Removing the ‘A’ from AI
Towards a new Zeitgeist in architecture
In nineteenth century philosophy, the term Zeitgeist was used by German philosophers to describe “the spirit of the age”. An invisible force dominating the characteristics of a given epoch in world history. Today, AI is promising to bring with it a new Zeitgeist that will change our stream of thought as we enter a new era. However, to unleash its power, we first must first give up some of our core beliefs.
Living in the empiric age
With the rise of computers and algorithms, we have reached an era which I would describe as “the empiric age”. To define it in short: beautiful, romantic, and sacred-out. Functional, optimised, efficient-in. It is an age where rational and functional reasoning is the prism through which we view reality and is the justifier of our decision making. But where does this meet architecture or art? Where does one draw the line between pure rationalism and desirability?
Architecture has always stood at the pinnacle of human ambitions, literally engraving mankind’s epoch achievements in stone. The Greek philosophers sought out for a catharsis – a purification and purgation of emotions through dramatic art and extravagant architecture. In the Middle Ages, the role of architecture was to empower the divine feelings of holiness. The Renaissance put humanism and the beauty of nature in the spotlight and the Futurists of the 20th century sought to worship the machine and the coming of the industrial age.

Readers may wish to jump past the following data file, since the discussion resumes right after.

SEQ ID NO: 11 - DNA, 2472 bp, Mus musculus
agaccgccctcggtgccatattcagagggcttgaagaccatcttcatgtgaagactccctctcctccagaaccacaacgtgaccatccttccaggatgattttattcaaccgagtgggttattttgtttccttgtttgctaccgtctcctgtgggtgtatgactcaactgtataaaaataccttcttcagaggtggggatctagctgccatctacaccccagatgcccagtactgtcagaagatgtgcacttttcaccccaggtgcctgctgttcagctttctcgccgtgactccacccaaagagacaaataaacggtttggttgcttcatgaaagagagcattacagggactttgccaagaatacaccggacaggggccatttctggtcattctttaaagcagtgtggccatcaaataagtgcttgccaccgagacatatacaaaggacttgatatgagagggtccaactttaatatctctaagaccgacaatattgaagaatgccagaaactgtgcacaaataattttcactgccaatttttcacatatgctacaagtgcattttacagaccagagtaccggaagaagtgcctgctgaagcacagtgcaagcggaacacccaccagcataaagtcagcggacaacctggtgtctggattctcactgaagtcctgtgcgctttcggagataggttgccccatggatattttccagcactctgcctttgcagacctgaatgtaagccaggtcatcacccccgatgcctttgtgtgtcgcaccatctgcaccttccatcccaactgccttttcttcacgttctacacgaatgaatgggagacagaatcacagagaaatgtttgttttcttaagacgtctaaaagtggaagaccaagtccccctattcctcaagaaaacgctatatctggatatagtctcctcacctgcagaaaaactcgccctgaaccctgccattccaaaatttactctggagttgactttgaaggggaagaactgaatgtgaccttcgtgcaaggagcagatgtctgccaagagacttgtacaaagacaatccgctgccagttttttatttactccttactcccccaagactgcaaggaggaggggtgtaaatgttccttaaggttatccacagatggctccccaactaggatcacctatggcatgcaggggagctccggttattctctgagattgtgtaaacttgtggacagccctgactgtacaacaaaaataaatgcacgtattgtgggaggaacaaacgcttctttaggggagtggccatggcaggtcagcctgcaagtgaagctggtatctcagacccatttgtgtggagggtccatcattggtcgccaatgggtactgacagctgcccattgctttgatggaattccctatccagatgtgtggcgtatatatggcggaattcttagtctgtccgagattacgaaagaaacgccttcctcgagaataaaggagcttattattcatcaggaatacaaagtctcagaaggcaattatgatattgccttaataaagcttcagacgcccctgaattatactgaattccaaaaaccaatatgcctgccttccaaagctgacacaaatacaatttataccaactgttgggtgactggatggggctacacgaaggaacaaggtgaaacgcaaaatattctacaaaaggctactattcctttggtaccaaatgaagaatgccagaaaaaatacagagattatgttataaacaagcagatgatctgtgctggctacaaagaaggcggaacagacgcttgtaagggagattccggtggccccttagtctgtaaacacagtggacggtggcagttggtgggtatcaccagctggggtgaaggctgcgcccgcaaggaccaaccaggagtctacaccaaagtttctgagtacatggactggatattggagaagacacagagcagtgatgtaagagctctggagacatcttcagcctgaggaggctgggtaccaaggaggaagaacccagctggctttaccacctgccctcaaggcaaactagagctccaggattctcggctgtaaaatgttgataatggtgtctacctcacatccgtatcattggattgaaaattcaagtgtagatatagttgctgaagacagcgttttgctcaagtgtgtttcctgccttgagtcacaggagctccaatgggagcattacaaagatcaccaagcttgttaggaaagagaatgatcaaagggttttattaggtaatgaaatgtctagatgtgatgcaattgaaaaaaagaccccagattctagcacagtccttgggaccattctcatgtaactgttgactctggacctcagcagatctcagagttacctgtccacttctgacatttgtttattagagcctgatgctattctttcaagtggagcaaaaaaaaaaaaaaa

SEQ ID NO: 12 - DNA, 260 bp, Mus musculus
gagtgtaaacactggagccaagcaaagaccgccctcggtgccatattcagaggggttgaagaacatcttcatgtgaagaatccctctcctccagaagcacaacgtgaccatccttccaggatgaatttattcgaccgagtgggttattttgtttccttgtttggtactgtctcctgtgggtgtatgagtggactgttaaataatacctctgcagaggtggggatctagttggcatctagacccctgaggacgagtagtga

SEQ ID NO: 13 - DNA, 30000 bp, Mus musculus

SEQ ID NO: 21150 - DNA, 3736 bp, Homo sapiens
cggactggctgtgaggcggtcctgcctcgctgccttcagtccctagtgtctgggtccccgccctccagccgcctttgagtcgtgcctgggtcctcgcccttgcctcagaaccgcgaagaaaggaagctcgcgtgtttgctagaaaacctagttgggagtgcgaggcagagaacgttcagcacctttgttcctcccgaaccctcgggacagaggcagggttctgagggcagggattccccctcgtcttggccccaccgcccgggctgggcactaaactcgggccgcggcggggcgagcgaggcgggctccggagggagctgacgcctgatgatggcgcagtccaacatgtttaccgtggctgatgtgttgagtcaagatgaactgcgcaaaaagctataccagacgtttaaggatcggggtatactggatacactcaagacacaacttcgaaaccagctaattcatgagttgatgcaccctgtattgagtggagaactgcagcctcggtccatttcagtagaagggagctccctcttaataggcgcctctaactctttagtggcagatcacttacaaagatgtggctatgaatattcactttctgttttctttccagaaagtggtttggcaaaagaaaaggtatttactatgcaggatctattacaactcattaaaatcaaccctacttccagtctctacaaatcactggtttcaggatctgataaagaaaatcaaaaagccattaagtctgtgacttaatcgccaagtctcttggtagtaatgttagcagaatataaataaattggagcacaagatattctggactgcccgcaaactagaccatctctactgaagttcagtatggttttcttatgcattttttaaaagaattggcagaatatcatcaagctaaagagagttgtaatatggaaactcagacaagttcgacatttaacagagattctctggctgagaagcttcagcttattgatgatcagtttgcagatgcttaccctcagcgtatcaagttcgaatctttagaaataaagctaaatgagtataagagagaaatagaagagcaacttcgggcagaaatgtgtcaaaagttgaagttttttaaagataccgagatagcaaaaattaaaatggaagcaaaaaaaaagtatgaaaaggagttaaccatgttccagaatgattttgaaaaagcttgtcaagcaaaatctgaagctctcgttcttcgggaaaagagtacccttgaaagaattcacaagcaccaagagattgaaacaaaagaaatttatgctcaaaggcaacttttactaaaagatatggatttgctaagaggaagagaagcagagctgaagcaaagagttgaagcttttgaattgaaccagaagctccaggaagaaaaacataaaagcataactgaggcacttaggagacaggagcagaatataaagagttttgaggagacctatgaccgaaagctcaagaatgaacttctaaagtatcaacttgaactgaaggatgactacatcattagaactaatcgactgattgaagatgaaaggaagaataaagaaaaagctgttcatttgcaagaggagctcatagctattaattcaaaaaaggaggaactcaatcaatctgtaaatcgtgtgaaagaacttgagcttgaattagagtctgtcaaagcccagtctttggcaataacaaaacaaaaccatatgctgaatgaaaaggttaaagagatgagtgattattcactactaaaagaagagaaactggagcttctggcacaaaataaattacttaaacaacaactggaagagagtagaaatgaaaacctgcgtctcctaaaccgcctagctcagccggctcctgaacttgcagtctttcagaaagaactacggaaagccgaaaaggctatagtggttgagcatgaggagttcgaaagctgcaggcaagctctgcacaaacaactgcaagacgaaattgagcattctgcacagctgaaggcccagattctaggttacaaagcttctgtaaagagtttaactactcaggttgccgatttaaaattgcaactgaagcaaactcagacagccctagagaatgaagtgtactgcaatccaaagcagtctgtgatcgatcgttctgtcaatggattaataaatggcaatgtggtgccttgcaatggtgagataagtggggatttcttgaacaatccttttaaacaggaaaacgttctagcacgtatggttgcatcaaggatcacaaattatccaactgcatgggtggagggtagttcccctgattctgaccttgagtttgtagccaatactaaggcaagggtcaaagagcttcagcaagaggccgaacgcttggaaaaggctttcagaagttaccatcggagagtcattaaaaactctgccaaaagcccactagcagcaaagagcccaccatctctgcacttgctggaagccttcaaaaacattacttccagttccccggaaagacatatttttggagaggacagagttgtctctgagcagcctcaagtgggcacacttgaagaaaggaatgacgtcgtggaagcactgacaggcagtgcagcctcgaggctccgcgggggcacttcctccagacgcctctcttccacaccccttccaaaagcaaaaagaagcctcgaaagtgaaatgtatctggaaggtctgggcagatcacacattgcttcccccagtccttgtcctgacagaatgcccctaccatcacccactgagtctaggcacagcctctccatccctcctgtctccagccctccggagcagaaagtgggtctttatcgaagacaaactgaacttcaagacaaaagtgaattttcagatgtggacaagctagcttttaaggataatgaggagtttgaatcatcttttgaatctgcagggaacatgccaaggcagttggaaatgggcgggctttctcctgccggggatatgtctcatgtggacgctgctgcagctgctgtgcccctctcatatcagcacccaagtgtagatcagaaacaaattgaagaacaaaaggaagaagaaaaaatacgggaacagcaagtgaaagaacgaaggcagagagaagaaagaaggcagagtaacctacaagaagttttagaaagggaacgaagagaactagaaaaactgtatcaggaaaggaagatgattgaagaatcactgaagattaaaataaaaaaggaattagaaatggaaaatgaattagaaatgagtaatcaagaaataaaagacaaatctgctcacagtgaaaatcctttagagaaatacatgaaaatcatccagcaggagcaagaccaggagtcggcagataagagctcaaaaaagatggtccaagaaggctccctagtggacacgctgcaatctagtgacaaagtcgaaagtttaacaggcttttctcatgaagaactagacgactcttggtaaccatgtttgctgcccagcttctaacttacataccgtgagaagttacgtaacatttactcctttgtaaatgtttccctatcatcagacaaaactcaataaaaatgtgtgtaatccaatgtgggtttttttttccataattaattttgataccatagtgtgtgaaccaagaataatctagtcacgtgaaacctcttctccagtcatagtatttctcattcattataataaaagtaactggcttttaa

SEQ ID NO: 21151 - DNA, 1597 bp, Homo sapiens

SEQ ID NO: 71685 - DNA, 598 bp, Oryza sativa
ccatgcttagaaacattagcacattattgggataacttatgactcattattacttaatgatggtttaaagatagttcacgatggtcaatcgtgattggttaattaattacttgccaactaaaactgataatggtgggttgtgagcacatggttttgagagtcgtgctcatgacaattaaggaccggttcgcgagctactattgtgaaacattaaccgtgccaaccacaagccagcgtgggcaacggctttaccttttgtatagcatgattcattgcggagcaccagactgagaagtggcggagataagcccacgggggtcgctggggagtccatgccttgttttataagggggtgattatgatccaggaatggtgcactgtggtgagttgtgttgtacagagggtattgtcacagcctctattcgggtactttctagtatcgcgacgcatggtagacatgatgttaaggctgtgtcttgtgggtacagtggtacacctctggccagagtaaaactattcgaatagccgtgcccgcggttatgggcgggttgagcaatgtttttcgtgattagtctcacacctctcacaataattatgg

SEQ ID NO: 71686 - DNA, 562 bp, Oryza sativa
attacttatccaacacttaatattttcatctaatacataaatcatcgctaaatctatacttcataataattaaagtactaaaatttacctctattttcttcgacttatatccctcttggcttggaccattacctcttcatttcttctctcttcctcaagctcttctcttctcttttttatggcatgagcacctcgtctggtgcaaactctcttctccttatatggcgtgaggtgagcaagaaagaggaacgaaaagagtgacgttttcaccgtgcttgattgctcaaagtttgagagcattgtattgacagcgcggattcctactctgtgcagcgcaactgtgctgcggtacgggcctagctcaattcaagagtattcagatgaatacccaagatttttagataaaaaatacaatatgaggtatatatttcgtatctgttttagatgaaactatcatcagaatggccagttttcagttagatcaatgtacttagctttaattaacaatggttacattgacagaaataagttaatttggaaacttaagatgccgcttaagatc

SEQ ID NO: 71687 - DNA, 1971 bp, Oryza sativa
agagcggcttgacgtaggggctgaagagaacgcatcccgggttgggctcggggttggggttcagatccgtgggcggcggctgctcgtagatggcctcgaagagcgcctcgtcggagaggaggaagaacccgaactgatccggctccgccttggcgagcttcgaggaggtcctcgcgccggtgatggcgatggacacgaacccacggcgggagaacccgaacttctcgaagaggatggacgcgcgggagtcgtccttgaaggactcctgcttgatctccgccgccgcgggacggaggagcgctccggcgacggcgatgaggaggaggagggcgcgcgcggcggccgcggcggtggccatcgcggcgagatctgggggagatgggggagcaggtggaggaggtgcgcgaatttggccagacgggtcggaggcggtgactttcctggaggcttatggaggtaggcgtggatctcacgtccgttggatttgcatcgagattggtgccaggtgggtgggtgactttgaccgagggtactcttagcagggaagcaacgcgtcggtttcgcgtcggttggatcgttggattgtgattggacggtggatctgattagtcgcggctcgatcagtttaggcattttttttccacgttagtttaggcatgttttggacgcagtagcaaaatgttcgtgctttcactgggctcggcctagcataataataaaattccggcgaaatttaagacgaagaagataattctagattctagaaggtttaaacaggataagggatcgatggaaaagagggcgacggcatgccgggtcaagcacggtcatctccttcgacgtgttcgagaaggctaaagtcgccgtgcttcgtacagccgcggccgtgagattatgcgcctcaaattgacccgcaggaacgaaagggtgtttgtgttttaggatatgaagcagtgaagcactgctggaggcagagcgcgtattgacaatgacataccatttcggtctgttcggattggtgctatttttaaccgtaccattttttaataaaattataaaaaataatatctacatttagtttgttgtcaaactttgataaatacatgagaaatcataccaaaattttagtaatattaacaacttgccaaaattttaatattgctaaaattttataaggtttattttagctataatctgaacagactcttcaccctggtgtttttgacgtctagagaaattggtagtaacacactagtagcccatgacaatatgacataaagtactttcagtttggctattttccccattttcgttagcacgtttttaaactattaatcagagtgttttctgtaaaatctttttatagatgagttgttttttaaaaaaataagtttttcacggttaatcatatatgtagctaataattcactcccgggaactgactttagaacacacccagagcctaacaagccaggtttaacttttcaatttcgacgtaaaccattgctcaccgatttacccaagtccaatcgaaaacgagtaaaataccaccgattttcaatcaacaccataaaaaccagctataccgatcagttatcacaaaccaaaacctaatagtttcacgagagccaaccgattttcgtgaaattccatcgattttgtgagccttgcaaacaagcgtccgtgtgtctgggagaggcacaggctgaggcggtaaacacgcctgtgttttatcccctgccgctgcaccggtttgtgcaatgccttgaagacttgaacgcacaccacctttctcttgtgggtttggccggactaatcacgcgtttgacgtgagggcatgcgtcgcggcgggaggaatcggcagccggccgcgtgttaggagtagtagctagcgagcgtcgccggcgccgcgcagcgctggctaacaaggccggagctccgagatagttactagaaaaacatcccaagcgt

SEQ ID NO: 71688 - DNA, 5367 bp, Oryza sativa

From a bird’s eye history perspective, over the years we have seen a gradual move from subjective streams of thought based on locality and culture into an objective and universal truth. This was ever so evident in architecture with the move to modernism, which blurred, not to say erased, the boundaries of locality and created a “one-truth-fits-all” approach. The death of the ornament and rise of the function.
AI to the rescue
Recent developments in AI have created a completely new standard for what we perceive as “computational” design. Not only can software provide us with a digital design canvas such as Photoshop, CAD sketching or 3D modellers, but, for the first time in history, it can design for us.
Text to image generators such as Dall-E and Midjourney are spreading like wildfire and demonstrating no less than a revolution in how we transform our thoughts into visual reality. However, they also reveal some of the weak spots of our abilities and make us rethink the “human advantage”.
Since the public release of such tools, and due to their ease of use, we are being bombarded with image creations in all fields possible – from children’s books to automotive design and architectural visions. What used to require skilled artists is now just a few letters away. So here is the real question: what is the value of these works?
Where reality stops, art begins – from “creation” to “generation”